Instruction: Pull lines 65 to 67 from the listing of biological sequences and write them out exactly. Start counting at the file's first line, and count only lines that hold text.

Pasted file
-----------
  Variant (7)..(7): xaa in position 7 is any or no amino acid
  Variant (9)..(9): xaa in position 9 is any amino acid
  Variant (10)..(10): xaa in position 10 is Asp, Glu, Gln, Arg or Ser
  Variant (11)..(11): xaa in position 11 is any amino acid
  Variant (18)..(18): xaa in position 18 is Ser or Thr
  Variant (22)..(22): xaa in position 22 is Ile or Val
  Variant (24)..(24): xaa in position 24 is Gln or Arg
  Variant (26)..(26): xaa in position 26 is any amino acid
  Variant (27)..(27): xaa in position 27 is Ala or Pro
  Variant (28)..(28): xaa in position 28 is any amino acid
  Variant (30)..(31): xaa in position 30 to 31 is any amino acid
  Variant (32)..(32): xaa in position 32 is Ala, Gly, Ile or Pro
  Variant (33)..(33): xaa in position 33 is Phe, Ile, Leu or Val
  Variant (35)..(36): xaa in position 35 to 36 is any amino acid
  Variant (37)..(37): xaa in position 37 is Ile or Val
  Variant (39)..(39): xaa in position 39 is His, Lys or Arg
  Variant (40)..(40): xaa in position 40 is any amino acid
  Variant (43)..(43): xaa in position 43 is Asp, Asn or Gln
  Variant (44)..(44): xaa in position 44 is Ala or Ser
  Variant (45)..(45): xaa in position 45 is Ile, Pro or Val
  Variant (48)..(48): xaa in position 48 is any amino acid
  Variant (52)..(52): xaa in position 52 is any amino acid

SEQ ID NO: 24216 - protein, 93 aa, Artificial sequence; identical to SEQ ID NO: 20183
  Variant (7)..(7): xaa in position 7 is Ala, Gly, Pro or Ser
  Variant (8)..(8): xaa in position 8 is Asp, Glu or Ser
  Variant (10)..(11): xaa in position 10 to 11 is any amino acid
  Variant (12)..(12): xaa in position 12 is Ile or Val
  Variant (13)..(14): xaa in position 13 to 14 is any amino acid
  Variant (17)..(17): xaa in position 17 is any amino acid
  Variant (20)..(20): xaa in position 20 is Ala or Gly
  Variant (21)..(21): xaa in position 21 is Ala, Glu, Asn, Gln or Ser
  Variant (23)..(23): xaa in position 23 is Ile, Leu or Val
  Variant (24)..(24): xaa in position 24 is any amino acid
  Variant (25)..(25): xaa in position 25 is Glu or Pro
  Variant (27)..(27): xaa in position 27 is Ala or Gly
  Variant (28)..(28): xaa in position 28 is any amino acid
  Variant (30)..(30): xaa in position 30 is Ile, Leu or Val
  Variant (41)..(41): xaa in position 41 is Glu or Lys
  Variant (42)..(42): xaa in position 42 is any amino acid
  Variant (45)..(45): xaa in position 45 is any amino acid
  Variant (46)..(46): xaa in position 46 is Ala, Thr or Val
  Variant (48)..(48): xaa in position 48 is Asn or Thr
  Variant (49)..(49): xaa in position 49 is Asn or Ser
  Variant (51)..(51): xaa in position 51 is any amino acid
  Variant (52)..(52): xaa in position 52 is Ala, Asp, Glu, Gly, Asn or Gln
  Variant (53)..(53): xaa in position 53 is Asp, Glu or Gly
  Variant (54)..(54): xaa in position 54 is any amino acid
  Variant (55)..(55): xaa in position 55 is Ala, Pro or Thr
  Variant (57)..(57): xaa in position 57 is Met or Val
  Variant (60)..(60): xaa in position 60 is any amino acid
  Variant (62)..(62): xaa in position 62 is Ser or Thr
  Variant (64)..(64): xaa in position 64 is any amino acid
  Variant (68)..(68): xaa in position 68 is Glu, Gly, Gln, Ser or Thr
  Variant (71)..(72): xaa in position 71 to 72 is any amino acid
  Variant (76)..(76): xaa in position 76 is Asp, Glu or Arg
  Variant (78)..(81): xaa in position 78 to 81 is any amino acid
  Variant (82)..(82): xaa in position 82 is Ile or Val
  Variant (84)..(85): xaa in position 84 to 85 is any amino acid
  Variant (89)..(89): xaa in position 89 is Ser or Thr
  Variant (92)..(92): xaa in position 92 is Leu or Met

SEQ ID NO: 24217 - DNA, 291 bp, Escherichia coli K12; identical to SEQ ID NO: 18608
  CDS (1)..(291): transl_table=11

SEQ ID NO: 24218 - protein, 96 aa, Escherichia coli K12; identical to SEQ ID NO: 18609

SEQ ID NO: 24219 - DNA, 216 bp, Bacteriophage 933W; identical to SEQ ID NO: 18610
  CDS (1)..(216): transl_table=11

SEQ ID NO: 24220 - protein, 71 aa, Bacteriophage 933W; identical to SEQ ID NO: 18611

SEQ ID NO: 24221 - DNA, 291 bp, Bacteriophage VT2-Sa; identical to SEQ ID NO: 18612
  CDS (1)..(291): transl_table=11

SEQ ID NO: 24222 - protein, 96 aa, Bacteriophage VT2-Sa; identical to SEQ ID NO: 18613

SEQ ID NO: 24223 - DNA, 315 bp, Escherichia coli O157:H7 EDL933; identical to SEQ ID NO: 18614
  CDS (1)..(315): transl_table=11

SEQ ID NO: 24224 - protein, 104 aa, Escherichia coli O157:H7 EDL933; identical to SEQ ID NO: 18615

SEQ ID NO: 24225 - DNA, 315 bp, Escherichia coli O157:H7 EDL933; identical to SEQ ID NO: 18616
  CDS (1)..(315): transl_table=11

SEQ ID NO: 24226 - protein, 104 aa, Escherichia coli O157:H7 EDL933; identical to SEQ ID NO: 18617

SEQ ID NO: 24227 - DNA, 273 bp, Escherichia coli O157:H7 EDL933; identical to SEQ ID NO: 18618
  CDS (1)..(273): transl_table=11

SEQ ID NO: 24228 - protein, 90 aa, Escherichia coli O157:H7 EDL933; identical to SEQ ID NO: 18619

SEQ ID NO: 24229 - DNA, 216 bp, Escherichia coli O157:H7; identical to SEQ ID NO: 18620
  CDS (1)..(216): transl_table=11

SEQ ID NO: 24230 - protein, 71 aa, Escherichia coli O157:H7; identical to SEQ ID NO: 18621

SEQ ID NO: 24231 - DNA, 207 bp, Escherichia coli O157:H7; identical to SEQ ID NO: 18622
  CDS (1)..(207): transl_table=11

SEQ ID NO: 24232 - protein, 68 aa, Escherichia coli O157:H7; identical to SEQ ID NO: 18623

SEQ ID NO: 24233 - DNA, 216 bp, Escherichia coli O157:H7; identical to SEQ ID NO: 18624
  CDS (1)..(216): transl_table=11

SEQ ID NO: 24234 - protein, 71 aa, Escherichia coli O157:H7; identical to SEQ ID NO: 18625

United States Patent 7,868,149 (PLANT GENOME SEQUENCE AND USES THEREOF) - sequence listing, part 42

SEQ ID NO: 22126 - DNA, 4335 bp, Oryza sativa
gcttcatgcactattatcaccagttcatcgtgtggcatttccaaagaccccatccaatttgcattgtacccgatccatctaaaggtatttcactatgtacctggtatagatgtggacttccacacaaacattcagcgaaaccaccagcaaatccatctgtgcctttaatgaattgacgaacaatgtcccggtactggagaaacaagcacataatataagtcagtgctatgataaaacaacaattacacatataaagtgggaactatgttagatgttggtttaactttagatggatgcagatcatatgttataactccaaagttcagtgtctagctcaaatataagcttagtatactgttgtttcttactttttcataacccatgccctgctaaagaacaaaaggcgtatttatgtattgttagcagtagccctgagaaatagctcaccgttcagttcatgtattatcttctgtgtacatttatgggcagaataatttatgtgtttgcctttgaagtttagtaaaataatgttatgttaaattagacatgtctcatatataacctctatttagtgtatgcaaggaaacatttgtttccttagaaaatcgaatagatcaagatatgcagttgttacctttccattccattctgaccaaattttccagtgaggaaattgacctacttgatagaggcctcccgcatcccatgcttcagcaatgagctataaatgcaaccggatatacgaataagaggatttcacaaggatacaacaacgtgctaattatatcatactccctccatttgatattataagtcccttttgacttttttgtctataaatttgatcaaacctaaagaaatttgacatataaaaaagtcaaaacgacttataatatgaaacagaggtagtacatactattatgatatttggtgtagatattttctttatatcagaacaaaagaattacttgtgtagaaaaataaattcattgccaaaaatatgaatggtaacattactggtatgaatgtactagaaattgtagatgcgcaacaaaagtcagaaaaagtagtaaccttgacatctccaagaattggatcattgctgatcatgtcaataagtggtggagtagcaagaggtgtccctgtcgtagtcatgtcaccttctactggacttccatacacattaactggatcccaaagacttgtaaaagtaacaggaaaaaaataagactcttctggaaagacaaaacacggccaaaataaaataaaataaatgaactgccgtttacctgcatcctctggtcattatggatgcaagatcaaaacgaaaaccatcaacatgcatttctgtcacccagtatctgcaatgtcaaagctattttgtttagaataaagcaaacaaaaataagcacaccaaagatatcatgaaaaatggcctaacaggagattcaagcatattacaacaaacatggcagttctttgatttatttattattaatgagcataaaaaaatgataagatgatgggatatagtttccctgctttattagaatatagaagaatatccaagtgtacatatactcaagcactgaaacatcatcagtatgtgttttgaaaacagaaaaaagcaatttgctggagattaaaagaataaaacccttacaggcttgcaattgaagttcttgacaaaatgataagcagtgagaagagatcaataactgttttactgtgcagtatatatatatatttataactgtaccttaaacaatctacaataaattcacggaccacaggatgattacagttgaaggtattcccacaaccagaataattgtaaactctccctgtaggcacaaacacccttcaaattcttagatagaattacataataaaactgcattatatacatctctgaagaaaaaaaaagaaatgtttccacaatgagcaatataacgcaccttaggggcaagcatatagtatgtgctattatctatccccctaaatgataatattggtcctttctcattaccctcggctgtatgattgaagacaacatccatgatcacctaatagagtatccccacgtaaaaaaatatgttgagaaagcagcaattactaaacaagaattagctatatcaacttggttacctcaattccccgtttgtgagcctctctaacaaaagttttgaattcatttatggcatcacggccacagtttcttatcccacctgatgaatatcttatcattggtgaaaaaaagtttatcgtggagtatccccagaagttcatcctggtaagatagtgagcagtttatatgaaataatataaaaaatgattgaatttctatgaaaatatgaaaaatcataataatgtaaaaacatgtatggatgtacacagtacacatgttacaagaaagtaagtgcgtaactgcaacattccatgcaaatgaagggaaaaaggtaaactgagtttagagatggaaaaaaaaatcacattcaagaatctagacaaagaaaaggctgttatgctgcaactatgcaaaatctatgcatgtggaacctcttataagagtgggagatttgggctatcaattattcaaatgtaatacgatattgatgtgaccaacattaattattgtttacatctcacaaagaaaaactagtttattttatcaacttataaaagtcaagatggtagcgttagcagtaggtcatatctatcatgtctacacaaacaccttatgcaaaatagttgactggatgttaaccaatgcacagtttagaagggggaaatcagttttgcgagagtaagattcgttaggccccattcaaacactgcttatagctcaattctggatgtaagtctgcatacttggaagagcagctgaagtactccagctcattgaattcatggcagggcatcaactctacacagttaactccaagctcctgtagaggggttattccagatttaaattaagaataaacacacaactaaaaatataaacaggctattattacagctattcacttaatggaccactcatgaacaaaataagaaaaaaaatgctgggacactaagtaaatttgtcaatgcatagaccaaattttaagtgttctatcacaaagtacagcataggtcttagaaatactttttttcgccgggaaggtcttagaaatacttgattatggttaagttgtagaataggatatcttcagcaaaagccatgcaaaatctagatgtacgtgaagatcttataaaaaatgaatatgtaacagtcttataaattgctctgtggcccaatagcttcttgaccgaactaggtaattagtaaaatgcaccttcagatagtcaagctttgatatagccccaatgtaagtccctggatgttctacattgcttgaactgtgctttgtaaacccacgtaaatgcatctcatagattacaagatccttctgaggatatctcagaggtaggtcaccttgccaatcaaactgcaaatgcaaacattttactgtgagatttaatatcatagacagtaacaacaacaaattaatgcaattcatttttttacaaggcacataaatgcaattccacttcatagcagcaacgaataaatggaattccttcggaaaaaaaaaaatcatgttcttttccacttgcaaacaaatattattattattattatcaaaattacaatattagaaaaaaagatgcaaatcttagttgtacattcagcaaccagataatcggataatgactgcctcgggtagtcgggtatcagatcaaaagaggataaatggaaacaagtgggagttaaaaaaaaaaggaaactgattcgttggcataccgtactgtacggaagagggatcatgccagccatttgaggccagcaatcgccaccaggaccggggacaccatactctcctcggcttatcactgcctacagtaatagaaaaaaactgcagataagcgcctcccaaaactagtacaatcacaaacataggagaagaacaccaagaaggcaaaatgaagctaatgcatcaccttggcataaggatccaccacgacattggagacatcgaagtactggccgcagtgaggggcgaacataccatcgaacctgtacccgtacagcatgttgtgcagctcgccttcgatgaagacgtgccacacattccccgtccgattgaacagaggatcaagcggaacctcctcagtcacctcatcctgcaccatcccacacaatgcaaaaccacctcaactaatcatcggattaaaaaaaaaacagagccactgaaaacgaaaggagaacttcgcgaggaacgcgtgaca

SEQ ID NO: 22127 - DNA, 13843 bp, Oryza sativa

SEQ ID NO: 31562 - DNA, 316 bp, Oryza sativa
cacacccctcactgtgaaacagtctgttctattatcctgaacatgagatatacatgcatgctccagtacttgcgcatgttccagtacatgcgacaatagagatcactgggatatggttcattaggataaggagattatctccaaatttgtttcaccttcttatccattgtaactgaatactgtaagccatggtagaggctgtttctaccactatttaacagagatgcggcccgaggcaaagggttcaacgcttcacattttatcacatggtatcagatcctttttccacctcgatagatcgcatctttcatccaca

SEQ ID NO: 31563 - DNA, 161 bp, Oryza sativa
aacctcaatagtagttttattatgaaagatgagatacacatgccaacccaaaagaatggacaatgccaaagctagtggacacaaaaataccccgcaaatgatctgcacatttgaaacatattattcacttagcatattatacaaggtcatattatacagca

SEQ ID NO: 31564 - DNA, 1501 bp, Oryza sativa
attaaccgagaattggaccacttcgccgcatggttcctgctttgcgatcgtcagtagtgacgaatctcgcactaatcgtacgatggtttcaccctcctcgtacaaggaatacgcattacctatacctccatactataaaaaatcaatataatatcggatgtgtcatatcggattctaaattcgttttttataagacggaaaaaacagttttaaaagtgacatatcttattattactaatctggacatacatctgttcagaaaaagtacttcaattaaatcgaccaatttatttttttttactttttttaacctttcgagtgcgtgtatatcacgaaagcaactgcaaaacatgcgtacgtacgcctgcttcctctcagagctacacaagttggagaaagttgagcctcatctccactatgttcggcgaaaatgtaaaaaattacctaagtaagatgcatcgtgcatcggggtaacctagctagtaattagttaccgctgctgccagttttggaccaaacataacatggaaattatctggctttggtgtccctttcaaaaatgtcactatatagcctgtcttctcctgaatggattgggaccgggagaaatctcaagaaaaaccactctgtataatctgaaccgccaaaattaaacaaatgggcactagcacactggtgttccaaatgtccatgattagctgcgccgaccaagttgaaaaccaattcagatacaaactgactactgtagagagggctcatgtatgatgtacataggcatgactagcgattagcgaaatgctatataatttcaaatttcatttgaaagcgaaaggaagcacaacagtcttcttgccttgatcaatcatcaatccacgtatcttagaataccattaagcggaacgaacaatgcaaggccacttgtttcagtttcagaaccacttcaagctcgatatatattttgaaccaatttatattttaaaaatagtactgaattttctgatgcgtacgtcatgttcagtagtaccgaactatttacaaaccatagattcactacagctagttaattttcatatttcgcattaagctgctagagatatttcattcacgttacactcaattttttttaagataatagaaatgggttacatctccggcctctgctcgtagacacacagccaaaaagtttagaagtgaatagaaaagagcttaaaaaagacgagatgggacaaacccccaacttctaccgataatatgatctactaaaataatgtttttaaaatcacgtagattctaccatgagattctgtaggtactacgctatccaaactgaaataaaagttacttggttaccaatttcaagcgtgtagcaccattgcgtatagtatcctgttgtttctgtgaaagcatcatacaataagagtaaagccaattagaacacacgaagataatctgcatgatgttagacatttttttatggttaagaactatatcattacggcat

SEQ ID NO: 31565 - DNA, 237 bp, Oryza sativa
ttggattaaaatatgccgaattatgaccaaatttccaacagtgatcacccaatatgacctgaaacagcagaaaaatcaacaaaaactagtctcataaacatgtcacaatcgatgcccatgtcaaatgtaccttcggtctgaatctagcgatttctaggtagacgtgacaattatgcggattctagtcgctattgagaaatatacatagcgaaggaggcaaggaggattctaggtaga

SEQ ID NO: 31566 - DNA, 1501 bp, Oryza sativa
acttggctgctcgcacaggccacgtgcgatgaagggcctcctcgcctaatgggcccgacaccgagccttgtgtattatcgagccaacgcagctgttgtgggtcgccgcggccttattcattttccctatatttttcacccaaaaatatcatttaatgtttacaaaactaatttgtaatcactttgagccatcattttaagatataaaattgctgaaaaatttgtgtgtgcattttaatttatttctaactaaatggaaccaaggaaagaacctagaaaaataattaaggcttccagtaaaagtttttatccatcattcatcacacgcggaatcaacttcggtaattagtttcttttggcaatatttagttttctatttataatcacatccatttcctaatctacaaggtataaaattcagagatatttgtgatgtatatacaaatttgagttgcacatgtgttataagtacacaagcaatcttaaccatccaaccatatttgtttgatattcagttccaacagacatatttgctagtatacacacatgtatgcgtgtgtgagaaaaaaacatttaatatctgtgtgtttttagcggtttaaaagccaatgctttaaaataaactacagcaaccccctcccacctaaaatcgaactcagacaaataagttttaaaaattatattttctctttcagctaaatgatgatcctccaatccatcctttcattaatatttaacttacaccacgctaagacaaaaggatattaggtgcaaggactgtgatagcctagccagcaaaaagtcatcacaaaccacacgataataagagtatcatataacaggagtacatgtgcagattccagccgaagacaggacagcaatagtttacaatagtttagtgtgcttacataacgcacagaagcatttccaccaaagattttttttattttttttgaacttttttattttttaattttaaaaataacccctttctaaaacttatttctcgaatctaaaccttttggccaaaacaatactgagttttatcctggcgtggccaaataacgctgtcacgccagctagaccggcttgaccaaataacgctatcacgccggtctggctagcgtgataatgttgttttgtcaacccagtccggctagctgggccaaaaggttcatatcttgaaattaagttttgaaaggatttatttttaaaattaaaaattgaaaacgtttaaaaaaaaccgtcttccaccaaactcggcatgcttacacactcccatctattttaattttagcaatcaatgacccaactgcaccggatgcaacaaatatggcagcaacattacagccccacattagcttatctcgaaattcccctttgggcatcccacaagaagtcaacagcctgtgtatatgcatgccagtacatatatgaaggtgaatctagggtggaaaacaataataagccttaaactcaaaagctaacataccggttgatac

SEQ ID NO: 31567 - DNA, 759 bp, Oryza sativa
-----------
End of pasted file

  CDS (1)..(216): transl_table=11

SEQ ID NO: 24220 - protein, 71 aa, Bacteriophage 933W; identical to SEQ ID NO: 18611

SEQ ID NO: 24221 - DNA, 291 bp, Bacteriophage VT2-Sa; identical to SEQ ID NO: 18612